University of Wisconsin–Madison

Engineering makerspace unleashes limitless student creativity

From OCR:
We used to call them “back of the napkin” ideas. Now those ideas, coming from UW students, are hanging on a window in the new UW Makerspace at UW-Madison where they could become a reality. We had the opportunity to take an informal tour of the new UW Makerspace and we were impressed. You can tell this is a space for opportunity, from the amazing array of equipment to the student staff who are truly enthusiastic about the space and have a great sense of pride. Dozens of students are already working on projects and the photowall listing their majors shows a diverse range of personal interests and foci. And if the sketches taped to the window are any indication, it will be very exciting to see what the students using the UW Makerspace will come up with next…

Engineering makerspace unleashes limitless student creativity

Will Cushman | College of Engineering

Inventors and tinkerers, designers and builders, engineering students from across the UW-Madison campus: Rejoice and behold the splendor of the newly opened Grainger Engineering Design Innovation Laboratory, a makerspace where creativity knows no bounds.

Second-place winners Vinay Janardhanam, Ted Martinez, Spencer Fricke and Yan Xiao used a Google Tango augmented-reality device to create a system that helps visually impaired users find their way around a building. Submitted photo.

The brand-new makerspace, located on the ground (2nd) floor of the Wendt building, is open to all College of Engineering students, faculty and staff, as well as their collaborators from other parts of campus. The 12,000-square-foot space is a maker’s dream; it houses 3D printers, laser cutters, machine tools, virtual and augmented reality hardware, microscopes, soldering irons, bicycle tools and many more instruments and gadgets to assist engineering students in bringing their ideas to life.

To mark the makerspace’s opening in September 2017, the College of Engineering hosted a “Week of Making.” This included hands-on workshops throughout the week and a weekend-long “Makeathon” contest, featuring Matt Kressy, director and founder of MIT’s integrated design and management program and an expert in product design and development. Teams of engineering students competed in the Makeathon to design and build devices that could help solve a medical disability-related challenge.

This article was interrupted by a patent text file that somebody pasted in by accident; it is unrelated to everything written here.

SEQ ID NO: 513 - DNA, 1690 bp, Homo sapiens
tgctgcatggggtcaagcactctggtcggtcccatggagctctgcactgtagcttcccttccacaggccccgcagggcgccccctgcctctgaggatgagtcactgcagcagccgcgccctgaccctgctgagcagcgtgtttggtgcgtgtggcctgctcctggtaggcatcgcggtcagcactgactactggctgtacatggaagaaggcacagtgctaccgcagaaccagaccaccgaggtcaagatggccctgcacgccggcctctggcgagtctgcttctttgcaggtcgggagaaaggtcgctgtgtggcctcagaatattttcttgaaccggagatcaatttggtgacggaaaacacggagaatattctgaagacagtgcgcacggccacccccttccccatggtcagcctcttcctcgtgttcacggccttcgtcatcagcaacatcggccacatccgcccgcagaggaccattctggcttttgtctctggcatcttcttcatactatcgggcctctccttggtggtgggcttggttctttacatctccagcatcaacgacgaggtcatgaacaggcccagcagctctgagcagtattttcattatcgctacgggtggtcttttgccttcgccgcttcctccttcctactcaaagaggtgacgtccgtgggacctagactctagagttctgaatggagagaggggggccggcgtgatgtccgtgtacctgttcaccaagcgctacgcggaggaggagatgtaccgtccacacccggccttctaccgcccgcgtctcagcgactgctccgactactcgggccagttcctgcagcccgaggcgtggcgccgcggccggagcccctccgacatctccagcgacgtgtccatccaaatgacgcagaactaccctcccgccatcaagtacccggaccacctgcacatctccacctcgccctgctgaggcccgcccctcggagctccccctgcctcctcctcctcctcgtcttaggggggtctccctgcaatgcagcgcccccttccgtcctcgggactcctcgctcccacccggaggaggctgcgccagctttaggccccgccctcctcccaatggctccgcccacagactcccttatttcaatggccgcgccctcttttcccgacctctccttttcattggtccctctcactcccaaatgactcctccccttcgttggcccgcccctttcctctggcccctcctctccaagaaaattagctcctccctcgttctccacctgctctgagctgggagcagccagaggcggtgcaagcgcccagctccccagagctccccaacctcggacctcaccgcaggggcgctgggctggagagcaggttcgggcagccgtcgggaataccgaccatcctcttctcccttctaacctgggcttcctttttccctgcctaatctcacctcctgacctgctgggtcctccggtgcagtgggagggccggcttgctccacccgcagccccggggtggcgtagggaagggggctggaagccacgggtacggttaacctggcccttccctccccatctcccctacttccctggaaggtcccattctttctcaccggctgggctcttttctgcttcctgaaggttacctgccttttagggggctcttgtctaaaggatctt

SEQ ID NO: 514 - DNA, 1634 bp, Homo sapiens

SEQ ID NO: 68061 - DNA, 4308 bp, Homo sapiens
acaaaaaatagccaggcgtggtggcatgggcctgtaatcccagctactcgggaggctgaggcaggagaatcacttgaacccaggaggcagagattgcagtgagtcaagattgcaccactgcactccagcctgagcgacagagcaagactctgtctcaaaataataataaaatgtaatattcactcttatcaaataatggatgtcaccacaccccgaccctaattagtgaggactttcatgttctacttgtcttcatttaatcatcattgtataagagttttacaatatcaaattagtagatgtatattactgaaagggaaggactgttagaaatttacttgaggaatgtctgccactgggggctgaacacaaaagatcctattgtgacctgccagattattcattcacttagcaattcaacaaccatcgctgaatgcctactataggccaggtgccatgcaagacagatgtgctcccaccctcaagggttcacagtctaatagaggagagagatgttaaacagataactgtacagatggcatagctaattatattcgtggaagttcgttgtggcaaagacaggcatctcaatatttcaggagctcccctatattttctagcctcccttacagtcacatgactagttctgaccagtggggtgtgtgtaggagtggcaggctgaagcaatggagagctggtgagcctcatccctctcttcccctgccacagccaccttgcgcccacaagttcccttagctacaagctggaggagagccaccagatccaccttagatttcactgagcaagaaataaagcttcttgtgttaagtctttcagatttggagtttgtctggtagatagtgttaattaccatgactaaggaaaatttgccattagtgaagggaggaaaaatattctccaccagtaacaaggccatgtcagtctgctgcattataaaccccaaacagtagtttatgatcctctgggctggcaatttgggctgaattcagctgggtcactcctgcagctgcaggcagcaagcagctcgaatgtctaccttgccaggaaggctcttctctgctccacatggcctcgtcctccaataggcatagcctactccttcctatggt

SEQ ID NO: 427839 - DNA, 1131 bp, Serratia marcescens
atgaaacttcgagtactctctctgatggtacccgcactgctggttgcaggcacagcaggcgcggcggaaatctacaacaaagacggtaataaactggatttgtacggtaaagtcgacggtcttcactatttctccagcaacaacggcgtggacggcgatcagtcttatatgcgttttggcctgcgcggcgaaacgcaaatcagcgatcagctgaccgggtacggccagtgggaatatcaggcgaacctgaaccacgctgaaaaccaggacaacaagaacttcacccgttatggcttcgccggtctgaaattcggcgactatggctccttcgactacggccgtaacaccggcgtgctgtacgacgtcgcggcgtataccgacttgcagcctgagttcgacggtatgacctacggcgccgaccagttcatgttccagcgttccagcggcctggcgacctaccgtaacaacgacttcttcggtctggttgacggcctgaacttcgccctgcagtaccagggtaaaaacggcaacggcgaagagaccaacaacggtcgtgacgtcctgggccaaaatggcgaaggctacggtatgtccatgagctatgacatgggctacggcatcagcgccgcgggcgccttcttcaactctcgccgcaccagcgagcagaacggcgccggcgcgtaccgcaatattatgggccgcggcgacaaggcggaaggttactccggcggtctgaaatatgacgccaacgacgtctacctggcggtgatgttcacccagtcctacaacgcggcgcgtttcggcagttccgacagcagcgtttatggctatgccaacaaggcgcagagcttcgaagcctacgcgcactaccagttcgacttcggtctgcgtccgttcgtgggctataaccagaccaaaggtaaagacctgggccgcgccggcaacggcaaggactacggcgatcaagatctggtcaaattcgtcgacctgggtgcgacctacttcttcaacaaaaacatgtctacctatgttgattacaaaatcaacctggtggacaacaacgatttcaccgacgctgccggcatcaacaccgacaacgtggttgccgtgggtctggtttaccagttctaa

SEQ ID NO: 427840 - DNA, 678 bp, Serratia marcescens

Students David Lahm, Alec Hill and Yuchen Gu won first place with their prototype for a haptic stethoscope. The stethoscope is designed for to be useful for all doctors, including those with hearing loss; traditional stethoscopes do not operate well with hearing aids or cochlear implants. The three-person team used makerspace equipment to design and build a stethoscope that features a sensitive microphone located behind a diaphragm that detects the sound vibrations of a beating heart, and then filters, amplifies and projects it through an actuator, recreating the vibration mechanically.

A prototype of a page turner which can be clipped to a book and turn pages for readers.

Second-winners Vinay Janardhanam, Ted Martinez, Spencer Fricke and Yan Xiao used a Google Tango augmented-reality device to create a system that helps visually impaired users find their way around a building. Third-place winners Seth Eiseman, Kevin Kirk and Ben Gabbard built a prototype of an electronic page turner, which can be clipped to a book and turn pages for readers.

In addition to providing a venue for a fun, engineering-oriented competition, the Makeathon showcased the breadth of opportunities awaiting students—even those with no experience using the specialized design and fabrication equipment housed in the makerspace. The Makeathon will be an annual competition, according to Gopika SenthilKumar and Max Goldberg, who are both undergraduate engineering students involved in the Makerspace and helped organize the event.

And while the Makeathon helped showcase the new Makerspace, the facility’s core purpose is to be a resource for engineering students as they work on class projects or develop their own ideas. The possibilities really are as limitless as the ideas that users bring to the space.

For more information about the UW Makerspace, including hours and fees, visit making.engr.wisc.edu.